At its monthly meeting today, the Iowa Department of Natural Resources’ Environmental Protection Commission unanimously rejected a petition filed by the progressive advocacy groups Iowa Citizens for Community Improvement and Food & Water Watch to strengthen the process through which the DNR evaluates applications for new CAFOs.
Currently, counties can choose whether to participate in a scoring system (most do) using what’s called a master matrix, a set of environmental and quality-of-life criteria to determine if a new large-scale animal feeding lot would satisfy concerns about health and environmental risks. If a CAFO application scores below a minimum threshold, county supervisors will typically recommend that the DNR reject the application, although that rarely happens and the process is non-binding regardless, meaning the state can ignore the recommendations.
CAFOs are a leading cause of water pollution in the state, where less than 25 percent of waterways meet federal water quality standards. Even so, most water quality efforts in Iowa are voluntary thanks to aggressive lobbying from agribusiness interests, and since the master matrix system was implemented in 2002, just over 2 percent of CAFO applications have been rejected.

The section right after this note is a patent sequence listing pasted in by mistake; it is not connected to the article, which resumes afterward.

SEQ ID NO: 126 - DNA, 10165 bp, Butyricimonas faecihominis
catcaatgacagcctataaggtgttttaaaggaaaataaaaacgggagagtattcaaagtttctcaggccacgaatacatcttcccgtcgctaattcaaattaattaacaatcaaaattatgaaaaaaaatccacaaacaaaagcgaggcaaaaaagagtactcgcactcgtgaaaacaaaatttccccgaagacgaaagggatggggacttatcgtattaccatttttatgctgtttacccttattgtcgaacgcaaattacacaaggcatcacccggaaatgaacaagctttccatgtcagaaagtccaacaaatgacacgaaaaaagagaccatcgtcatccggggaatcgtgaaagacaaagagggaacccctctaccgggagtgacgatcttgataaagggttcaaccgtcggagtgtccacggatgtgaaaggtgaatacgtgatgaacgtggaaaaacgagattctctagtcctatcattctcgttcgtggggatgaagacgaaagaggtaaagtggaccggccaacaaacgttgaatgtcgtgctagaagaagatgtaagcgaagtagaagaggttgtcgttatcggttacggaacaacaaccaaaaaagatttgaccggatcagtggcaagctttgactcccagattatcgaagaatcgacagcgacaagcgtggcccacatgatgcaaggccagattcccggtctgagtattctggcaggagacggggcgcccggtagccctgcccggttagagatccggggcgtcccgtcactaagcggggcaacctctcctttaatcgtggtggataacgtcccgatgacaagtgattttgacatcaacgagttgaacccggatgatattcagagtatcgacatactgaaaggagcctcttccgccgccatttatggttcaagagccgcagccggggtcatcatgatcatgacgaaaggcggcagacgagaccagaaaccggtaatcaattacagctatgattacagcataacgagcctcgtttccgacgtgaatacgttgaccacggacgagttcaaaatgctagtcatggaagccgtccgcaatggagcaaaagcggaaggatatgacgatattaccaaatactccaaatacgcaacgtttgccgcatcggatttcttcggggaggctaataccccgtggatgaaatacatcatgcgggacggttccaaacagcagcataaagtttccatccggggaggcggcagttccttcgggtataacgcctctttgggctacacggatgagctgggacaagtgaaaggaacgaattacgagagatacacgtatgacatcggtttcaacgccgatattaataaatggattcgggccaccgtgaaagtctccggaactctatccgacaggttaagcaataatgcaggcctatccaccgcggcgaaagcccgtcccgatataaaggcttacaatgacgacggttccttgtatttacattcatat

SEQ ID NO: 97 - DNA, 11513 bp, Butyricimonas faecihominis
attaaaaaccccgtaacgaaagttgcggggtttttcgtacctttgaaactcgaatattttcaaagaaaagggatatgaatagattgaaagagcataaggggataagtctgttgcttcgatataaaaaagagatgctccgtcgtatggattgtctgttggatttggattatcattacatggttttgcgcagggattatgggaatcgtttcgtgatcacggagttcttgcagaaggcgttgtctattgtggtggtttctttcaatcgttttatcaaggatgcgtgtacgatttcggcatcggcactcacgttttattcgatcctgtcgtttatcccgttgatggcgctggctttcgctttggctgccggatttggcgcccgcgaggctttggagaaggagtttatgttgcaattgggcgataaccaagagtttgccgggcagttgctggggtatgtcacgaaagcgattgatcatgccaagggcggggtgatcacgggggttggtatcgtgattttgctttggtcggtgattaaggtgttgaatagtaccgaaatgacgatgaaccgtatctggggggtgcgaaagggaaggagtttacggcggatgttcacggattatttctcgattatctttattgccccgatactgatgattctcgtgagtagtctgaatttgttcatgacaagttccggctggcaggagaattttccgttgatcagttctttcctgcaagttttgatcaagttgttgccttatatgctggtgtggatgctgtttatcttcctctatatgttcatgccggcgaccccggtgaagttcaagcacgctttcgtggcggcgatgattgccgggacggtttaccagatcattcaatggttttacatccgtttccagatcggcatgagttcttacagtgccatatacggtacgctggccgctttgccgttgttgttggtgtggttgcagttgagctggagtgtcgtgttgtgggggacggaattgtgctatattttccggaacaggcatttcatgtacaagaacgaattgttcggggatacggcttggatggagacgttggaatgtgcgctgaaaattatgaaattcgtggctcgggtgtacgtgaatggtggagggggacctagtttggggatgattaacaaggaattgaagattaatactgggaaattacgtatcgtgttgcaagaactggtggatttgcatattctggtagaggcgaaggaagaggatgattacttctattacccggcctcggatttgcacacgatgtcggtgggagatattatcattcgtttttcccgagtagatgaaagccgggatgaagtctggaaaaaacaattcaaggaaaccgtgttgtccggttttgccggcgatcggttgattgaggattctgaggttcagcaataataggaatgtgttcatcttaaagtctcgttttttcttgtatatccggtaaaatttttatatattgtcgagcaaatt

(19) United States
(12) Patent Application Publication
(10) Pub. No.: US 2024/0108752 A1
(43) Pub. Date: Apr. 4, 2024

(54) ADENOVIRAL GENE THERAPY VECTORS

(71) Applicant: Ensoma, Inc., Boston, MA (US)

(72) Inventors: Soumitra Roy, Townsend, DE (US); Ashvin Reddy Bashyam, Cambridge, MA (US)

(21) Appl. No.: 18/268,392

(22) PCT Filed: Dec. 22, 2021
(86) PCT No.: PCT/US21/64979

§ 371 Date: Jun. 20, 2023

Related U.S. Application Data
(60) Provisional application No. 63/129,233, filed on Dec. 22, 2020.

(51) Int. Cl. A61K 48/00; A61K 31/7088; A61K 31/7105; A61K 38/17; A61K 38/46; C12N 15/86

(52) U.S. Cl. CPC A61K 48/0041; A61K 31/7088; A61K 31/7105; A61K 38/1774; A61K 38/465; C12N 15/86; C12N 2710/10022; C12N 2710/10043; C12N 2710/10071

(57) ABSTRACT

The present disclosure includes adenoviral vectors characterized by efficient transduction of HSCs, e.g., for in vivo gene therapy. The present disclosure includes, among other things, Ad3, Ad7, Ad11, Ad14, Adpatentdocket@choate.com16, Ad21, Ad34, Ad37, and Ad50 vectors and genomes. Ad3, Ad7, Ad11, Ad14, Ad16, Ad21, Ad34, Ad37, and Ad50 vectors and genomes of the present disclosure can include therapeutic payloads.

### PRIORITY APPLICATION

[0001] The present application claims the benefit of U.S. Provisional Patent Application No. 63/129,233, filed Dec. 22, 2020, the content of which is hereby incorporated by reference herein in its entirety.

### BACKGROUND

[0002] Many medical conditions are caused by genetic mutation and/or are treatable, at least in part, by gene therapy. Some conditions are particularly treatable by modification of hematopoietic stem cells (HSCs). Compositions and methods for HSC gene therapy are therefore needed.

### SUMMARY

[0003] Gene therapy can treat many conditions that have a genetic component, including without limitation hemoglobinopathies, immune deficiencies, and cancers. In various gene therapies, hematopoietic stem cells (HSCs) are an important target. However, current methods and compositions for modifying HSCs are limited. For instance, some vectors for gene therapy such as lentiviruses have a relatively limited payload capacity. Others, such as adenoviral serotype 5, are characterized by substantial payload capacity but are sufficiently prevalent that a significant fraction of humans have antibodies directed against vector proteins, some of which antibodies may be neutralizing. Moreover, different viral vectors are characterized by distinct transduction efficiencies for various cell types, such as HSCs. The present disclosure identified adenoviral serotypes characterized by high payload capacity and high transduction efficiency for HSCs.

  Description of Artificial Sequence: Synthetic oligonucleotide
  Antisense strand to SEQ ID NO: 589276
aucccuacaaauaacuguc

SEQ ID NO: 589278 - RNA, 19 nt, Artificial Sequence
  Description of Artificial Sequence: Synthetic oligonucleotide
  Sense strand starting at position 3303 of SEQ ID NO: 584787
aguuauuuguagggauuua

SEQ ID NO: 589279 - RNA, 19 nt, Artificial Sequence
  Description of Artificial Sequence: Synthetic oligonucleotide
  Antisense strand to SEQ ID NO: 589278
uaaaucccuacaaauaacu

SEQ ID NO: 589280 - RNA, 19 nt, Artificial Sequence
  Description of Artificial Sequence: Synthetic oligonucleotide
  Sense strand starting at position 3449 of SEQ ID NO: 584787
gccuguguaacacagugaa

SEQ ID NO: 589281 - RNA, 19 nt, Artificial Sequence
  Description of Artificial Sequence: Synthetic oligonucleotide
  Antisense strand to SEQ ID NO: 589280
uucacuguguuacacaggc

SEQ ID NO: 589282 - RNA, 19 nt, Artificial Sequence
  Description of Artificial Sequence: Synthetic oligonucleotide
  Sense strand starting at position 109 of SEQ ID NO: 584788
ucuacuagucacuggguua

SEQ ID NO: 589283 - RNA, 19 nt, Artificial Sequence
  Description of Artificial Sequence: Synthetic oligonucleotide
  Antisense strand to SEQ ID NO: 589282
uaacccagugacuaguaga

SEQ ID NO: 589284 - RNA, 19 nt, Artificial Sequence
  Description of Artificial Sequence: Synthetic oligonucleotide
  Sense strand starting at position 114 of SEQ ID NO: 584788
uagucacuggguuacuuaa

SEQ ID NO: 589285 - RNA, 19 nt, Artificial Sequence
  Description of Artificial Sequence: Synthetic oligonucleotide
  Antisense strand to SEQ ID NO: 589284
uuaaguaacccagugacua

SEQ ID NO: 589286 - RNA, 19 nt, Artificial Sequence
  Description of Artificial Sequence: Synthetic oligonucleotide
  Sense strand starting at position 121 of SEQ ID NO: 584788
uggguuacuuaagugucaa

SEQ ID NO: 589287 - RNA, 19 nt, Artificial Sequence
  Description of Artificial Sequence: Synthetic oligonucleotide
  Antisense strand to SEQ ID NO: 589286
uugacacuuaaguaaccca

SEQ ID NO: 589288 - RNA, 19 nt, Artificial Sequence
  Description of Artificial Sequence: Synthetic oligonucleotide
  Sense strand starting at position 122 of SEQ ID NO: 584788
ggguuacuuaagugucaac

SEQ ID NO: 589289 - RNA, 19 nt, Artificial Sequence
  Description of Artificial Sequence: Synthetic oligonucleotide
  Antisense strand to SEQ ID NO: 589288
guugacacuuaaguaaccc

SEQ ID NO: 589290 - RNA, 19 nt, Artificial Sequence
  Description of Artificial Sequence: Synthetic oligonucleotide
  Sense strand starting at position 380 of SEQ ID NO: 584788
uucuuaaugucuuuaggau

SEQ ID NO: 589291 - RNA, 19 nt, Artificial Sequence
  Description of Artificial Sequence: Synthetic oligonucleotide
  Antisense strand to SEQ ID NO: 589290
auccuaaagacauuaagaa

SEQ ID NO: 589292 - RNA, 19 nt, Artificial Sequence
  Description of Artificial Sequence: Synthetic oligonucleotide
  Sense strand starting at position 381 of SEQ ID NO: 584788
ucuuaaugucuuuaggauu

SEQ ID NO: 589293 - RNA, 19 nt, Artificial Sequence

The rulemaking petition submitted by ICCI and Food & Water Watch requested that the master matrix passing score be raised above its current 50 percent (“an ‘F’ by most standards,” an ICCI statement released after the commission’s vote said). It also asked that participating counties be given a one-time enrollment instead of having to reaffirm their commitment to the system each year, demanded tougher pollution mitigation standards for CAFOs and the removal of criteria that “do not provide meaningful environmental or community benefits,” and requested an increased separation distance between CAFOs and public places including schools and private residences.
ICCI also submitted a collection of letters which repeated demands the group has been making for years, including a moratorium on new CAFO construction until water pollution is better addressed, local control over CAFO citing, mandatory water quality regulations at the state level, and tougher enforcement of existing regulations.